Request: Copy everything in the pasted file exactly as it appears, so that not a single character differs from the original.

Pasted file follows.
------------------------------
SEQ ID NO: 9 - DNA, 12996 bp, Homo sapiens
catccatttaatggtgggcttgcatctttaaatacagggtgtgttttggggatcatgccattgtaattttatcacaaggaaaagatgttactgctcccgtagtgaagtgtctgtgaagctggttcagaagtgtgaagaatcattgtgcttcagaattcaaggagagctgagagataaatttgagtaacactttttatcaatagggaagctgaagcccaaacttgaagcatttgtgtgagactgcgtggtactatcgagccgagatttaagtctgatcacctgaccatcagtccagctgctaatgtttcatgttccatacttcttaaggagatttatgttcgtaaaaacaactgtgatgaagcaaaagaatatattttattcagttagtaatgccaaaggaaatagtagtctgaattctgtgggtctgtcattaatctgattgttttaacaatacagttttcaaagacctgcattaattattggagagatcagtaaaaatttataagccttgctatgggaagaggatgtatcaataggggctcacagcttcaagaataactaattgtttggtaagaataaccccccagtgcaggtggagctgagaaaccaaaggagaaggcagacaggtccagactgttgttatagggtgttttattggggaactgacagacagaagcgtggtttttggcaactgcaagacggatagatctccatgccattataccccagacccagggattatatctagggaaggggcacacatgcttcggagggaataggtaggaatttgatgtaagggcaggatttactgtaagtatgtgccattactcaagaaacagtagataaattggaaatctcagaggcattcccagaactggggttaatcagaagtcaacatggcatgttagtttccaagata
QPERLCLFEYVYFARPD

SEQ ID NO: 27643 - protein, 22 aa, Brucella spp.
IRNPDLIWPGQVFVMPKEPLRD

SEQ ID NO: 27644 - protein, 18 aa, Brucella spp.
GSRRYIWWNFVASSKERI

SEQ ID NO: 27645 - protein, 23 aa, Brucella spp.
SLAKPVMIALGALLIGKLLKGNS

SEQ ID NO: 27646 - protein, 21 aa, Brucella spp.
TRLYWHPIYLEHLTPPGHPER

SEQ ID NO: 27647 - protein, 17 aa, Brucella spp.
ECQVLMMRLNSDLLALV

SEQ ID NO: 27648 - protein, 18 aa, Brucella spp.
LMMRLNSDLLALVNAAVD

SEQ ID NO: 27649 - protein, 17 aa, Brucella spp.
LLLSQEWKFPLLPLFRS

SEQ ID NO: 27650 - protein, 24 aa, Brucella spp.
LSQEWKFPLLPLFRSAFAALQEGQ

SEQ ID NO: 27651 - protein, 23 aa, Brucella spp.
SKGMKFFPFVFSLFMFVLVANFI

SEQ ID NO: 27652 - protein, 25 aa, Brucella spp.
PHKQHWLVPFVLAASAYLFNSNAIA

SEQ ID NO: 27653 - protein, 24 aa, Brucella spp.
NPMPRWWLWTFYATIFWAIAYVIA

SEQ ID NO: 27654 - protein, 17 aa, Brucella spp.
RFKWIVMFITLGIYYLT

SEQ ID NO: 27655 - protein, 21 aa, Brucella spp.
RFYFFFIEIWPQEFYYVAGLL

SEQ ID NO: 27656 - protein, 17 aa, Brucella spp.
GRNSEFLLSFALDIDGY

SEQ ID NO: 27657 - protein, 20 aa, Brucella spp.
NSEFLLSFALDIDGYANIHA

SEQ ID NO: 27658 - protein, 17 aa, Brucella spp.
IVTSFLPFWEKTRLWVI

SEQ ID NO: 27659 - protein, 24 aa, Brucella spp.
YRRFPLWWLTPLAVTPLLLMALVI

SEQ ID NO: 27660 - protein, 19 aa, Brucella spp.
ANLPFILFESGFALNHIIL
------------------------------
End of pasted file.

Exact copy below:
SEQ ID NO: 9 - DNA, 12996 bp, Homo sapiens
catccatttaatggtgggcttgcatctttaaatacagggtgtgttttggggatcatgccattgtaattttatcacaaggaaaagatgttactgctcccgtagtgaagtgtctgtgaagctggttcagaagtgtgaagaatcattgtgcttcagaattcaaggagagctgagagataaatttgagtaacactttttatcaatagggaagctgaagcccaaacttgaagcatttgtgtgagactgcgtggtactatcgagccgagatttaagtctgatcacctgaccatcagtccagctgctaatgtttcatgttccatacttcttaaggagatttatgttcgtaaaaacaactgtgatgaagcaaaagaatatattttattcagttagtaatgccaaaggaaatagtagtctgaattctgtgggtctgtcattaatctgattgttttaacaatacagttttcaaagacctgcattaattattggagagatcagtaaaaatttataagccttgctatgggaagaggatgtatcaataggggctcacagcttcaagaataactaattgtttggtaagaataaccccccagtgcaggtggagctgagaaaccaaaggagaaggcagacaggtccagactgttgttatagggtgttttattggggaactgacagacagaagcgtggtttttggcaactgcaagacggatagatctccatgccattataccccagacccagggattatatctagggaaggggcacacatgcttcggagggaataggtaggaatttgatgtaagggcaggatttactgtaagtatgtgccattactcaagaaacagtagataaattggaaatctcagaggcattcccagaactggggttaatcagaagtcaacatggcatgttagtttccaagata
QPERLCLFEYVYFARPD

SEQ ID NO: 27643 - protein, 22 aa, Brucella spp.
IRNPDLIWPGQVFVMPKEPLRD

SEQ ID NO: 27644 - protein, 18 aa, Brucella spp.
GSRRYIWWNFVASSKERI

SEQ ID NO: 27645 - protein, 23 aa, Brucella spp.
SLAKPVMIALGALLIGKLLKGNS

SEQ ID NO: 27646 - protein, 21 aa, Brucella spp.
TRLYWHPIYLEHLTPPGHPER

SEQ ID NO: 27647 - protein, 17 aa, Brucella spp.
ECQVLMMRLNSDLLALV

SEQ ID NO: 27648 - protein, 18 aa, Brucella spp.
LMMRLNSDLLALVNAAVD

SEQ ID NO: 27649 - protein, 17 aa, Brucella spp.
LLLSQEWKFPLLPLFRS

SEQ ID NO: 27650 - protein, 24 aa, Brucella spp.
LSQEWKFPLLPLFRSAFAALQEGQ

SEQ ID NO: 27651 - protein, 23 aa, Brucella spp.
SKGMKFFPFVFSLFMFVLVANFI

SEQ ID NO: 27652 - protein, 25 aa, Brucella spp.
PHKQHWLVPFVLAASAYLFNSNAIA

SEQ ID NO: 27653 - protein, 24 aa, Brucella spp.
NPMPRWWLWTFYATIFWAIAYVIA

SEQ ID NO: 27654 - protein, 17 aa, Brucella spp.
RFKWIVMFITLGIYYLT

SEQ ID NO: 27655 - protein, 21 aa, Brucella spp.
RFYFFFIEIWPQEFYYVAGLL

SEQ ID NO: 27656 - protein, 17 aa, Brucella spp.
GRNSEFLLSFALDIDGY

SEQ ID NO: 27657 - protein, 20 aa, Brucella spp.
NSEFLLSFALDIDGYANIHA

SEQ ID NO: 27658 - protein, 17 aa, Brucella spp.
IVTSFLPFWEKTRLWVI

SEQ ID NO: 27659 - protein, 24 aa, Brucella spp.
YRRFPLWWLTPLAVTPLLLMALVI

SEQ ID NO: 27660 - protein, 19 aa, Brucella spp.
ANLPFILFESGFALNHIIL